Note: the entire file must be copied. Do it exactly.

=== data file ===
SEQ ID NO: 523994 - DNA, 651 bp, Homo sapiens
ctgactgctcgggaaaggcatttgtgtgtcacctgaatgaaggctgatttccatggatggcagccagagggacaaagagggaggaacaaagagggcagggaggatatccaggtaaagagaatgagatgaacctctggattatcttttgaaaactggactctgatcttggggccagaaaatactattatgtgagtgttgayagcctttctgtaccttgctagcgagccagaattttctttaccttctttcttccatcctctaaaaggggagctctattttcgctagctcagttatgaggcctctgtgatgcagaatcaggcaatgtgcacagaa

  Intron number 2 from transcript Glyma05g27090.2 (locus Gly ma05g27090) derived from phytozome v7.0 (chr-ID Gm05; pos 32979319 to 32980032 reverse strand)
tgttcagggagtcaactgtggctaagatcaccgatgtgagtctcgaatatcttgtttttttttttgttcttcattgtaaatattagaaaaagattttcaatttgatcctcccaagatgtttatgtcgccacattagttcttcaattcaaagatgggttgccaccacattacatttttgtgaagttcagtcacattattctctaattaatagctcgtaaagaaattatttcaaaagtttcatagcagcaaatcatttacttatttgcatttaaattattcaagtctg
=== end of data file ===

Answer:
SEQ ID NO: 523994 - DNA, 651 bp, Homo sapiens
ctgactgctcgggaaaggcatttgtgtgtcacctgaatgaaggctgatttccatggatggcagccagagggacaaagagggaggaacaaagagggcagggaggatatccaggtaaagagaatgagatgaacctctggattatcttttgaaaactggactctgatcttggggccagaaaatactattatgtgagtgttgayagcctttctgtaccttgctagcgagccagaattttctttaccttctttcttccatcctctaaaaggggagctctattttcgctagctcagttatgaggcctctgtgatgcagaatcaggcaatgtgcacagaa

  Intron number 2 from transcript Glyma05g27090.2 (locus Gly ma05g27090) derived from phytozome v7.0 (chr-ID Gm05; pos 32979319 to 32980032 reverse strand)
tgttcagggagtcaactgtggctaagatcaccgatgtgagtctcgaatatcttgtttttttttttgttcttcattgtaaatattagaaaaagattttcaatttgatcctcccaagatgtttatgtcgccacattagttcttcaattcaaagatgggttgccaccacattacatttttgtgaagttcagtcacattattctctaattaatagctcgtaaagaaattatttcaaaagtttcatagcagcaaatcatttacttatttgcatttaaattattcaagtctg